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allotment cartoon Tasks in the garden the wrigglers worms

Do you know your blackfly from your greenfly?

The worms are looking at Aphids this week. As new plant growth emerges, so do aphids. Their numbers grow quickly as there are fewer predators … but that all changes as the season develops and more predators emerge, to reform the natural balance in your garden.

The worms are looking at Aphids this week. As new plant growth emerges, so do aphids. Their numbers grow quickly as there are fewer predators … but that all changes as the season develops and more predators emerge, to reform the natural balance in your garden.

The cartoon headline says, “There are 500 species of aphid in the UK. Known as blackly or greenfly they can also be orange, yellow and brown, too. In the cartoon two worms are looking a leaf with orange ‘greenfly’ o it. One work says to the other one, “Look! Greenfly” The other work says, “Eric, I think you might be colourblind”

Try not to use insecticides as this kills the predators as well. #putpollinatorsfirst Squash them or spray off with a jet hose to control them, where you can. Follow our blog to get more daily gardening cartoons, ideas, tasks and tips.

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The wrigglers are amateur gardeners, for advice from the experts on how to deal with aphids, try the experts below – they know what they’re talking about!

Gardener’s World and how to get rid of aphids safely

Aphids are a natural part of the garden ecosystem and a vital source of food for many species of bird, including house sparrows. They’re only a problem if they occur in large numbers.

RHS – aphid control

Encourage the natural enemies of aphids in the garden, such as ladybirds, ground beetles, hoverflies, parasitoid wasps and earwigs. Be aware that in spring aphid populations often build up before natural enemies are active in sufficient numbers and then give good control. Indiscriminate use of pesticides can reduce the numbers of useful predators.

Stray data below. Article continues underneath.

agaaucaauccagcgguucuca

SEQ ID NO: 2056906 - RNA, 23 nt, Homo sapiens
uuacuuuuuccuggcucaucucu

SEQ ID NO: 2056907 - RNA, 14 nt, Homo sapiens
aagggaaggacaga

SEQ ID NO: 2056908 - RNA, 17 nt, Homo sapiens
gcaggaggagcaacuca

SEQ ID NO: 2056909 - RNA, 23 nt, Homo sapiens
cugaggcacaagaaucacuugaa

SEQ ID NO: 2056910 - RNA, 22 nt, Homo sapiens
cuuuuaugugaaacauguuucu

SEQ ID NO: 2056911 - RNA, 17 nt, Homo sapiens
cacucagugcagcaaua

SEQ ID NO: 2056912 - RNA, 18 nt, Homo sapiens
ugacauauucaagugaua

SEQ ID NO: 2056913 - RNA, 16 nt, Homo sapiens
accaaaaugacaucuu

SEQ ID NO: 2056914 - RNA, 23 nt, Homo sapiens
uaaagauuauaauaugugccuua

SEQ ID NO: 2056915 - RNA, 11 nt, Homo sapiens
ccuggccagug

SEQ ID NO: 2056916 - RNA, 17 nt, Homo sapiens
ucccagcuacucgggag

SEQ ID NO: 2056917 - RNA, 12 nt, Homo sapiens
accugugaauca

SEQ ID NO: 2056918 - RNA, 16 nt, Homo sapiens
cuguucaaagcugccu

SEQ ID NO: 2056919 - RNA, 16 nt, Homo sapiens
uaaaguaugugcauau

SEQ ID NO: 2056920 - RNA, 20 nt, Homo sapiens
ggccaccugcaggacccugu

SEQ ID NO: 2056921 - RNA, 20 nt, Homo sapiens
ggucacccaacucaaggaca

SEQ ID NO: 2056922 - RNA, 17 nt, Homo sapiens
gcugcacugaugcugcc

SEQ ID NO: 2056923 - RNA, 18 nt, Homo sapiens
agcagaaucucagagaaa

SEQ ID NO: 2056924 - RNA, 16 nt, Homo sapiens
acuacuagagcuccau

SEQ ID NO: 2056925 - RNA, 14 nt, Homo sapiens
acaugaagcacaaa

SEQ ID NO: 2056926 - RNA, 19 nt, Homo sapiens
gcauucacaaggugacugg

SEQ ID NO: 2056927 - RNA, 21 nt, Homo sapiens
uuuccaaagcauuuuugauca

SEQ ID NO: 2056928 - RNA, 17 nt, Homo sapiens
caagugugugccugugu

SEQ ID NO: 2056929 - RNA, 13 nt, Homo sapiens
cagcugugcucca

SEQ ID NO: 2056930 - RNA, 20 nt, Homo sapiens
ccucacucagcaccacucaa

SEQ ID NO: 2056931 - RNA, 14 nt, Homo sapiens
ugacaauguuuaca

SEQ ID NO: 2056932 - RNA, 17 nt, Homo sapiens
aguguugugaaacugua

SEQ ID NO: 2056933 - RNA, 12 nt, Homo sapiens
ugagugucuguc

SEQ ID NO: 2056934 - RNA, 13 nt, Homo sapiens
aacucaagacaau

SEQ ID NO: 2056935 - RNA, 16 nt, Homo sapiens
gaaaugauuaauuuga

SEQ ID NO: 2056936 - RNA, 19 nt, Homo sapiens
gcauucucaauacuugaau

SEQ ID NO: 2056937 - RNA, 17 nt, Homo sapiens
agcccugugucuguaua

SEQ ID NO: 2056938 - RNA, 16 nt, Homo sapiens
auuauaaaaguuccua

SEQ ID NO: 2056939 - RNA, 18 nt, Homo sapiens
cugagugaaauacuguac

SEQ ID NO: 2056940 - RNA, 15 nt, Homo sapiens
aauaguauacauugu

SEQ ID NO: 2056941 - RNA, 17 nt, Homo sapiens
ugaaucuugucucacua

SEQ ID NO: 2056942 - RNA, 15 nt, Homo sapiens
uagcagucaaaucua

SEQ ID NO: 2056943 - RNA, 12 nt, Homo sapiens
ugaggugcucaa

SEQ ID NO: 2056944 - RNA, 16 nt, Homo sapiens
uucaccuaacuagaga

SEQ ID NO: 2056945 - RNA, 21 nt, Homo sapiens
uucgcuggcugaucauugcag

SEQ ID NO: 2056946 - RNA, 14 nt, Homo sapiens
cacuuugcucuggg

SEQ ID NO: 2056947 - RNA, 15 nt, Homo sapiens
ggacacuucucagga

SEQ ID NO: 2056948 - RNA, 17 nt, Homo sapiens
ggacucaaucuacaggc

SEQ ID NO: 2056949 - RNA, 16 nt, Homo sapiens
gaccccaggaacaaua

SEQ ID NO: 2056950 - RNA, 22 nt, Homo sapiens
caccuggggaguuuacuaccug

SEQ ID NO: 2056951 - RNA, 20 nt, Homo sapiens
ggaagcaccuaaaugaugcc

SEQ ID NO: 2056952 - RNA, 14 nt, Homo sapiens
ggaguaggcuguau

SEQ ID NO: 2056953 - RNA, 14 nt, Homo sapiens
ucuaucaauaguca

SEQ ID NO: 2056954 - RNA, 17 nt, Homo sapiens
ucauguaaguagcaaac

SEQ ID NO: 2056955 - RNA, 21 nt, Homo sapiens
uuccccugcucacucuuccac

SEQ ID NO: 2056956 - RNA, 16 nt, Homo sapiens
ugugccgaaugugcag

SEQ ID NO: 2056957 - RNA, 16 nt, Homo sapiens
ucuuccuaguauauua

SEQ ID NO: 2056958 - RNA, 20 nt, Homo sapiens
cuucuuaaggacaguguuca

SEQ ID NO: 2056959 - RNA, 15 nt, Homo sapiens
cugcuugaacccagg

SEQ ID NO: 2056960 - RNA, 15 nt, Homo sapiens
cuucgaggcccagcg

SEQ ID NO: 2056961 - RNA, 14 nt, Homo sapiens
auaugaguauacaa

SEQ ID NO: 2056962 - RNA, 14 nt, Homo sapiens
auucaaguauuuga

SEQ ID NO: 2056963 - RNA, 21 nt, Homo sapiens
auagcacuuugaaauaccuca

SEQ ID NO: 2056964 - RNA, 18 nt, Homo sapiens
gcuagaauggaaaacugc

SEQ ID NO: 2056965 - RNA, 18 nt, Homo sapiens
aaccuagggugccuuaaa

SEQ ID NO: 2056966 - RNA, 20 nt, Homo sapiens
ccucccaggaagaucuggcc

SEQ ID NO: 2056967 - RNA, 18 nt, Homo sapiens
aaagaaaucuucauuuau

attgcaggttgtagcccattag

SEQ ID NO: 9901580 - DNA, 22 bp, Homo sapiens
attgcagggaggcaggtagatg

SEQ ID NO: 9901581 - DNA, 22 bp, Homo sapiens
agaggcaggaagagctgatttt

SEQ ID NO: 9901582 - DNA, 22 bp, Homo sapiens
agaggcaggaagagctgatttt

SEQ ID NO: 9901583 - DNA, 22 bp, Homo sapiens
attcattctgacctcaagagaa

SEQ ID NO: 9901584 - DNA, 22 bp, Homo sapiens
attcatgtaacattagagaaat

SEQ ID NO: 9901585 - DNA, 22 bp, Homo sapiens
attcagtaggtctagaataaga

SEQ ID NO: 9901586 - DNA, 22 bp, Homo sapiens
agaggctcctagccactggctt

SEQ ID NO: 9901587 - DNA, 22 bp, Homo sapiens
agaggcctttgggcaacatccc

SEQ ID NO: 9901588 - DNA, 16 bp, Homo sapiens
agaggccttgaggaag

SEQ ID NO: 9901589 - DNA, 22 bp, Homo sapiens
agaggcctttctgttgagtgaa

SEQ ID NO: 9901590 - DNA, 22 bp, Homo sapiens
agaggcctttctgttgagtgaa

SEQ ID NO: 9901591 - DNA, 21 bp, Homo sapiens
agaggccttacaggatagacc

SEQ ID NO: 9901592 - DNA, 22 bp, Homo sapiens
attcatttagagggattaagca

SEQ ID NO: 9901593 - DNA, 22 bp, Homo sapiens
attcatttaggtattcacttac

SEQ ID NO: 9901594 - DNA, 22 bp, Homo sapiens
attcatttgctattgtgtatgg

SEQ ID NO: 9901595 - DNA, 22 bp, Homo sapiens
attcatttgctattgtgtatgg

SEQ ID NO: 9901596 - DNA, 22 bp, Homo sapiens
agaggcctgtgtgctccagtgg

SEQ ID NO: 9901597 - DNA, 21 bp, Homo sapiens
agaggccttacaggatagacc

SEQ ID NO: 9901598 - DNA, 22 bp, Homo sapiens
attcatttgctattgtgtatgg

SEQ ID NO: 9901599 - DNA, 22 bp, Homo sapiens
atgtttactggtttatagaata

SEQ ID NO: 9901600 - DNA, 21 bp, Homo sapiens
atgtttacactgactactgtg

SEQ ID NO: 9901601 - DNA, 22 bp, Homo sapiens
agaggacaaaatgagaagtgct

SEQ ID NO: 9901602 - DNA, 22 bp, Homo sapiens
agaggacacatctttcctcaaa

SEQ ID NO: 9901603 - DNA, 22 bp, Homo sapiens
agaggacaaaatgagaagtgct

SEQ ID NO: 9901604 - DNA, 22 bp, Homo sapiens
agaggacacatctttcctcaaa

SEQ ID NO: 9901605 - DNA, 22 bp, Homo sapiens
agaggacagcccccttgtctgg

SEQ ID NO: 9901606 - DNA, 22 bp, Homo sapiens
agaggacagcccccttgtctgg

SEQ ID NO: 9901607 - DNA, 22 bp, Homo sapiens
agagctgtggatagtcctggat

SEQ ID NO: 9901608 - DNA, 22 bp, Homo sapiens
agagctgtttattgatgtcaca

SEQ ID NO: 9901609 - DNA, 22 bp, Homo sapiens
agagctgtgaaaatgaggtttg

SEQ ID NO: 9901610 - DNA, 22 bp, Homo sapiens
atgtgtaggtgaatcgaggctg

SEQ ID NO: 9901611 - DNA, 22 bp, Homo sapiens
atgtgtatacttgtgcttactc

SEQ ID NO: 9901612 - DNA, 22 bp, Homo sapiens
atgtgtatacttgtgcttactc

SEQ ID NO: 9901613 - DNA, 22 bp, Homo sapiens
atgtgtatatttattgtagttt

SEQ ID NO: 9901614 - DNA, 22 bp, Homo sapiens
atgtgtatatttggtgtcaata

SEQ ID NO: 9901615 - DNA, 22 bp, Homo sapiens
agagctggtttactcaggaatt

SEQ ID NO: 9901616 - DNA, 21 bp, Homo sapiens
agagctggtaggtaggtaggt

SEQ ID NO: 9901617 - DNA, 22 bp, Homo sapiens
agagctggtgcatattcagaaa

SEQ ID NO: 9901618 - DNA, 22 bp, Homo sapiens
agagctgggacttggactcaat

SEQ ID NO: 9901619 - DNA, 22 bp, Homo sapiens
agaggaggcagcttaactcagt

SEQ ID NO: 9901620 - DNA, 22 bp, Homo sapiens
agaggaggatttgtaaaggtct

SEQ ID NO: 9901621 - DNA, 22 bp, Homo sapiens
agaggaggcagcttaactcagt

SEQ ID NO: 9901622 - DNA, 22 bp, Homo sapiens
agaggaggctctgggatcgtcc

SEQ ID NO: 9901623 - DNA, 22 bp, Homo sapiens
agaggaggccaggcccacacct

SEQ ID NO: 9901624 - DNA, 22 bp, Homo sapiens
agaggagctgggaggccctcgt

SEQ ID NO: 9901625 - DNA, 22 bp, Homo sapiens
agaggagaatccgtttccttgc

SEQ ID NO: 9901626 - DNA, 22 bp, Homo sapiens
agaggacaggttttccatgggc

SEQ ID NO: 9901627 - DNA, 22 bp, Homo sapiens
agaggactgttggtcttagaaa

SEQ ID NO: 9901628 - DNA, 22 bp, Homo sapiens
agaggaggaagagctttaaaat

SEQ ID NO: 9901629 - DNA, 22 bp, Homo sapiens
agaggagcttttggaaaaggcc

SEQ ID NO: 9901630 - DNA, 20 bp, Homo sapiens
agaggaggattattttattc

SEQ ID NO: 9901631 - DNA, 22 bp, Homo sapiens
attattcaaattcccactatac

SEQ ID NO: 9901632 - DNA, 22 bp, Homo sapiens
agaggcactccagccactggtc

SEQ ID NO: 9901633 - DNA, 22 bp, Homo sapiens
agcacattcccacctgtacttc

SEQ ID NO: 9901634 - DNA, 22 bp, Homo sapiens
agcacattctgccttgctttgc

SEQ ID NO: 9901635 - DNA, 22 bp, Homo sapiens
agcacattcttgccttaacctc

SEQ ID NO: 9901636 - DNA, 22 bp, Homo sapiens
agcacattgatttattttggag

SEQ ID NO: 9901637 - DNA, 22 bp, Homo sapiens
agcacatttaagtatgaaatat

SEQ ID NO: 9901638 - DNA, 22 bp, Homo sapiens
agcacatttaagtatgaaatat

The Wrigglers have joined the #putpollinators first Campaign

Wild flower meadows flower for longer due to the diverse range of plants in them. That’s more flowers for you, and more food for the bees and insects. Plant one and join the Gardener’s World Put Pollinators First campaign – raising awareness of the decline of our pollinators @GWmagazine

Click to see our ‘Put Pollinators First’ page

Gardener’s world launched its #putpollinatorsfirst campaign, as part of their 30th Anniversary celebrations of BBC Gardeners’ World Magazine. See what you can do to play your part:

Join in the Gardener’s World team and pledge here

With a panel of pollinator experts, committed to helping bees and other pollinating insects to thrive, Dr Trevor Dines says, ” Since the 1930’s, over 97 percent of our wildflower meadows have been destroyed. That’s 7.5 million acres, gone. Now you can understand why our pollinators are in such trouble.”

There are 3 ideas:

Sow some pollinator meadow seeds

Create habitats for butterflies, moths and caterpillars

Make a cornfield nectar bar

By making a meadow, even on a small scale, we can provide a banquet for pollinators that’ll help them to thrive.

Here are some seed suppliers and links:

Dobies

Thomson and Morgan – how to sow wildflower seeds

RHS – How to grow a mini wild flower meadow

More from the worms

Year-round garden pruning guide

Great advice and full of quick and simple tips too, for example … don’t cut into tender plants or evergreens right now as their top growth provides insulation from penetrating cold.

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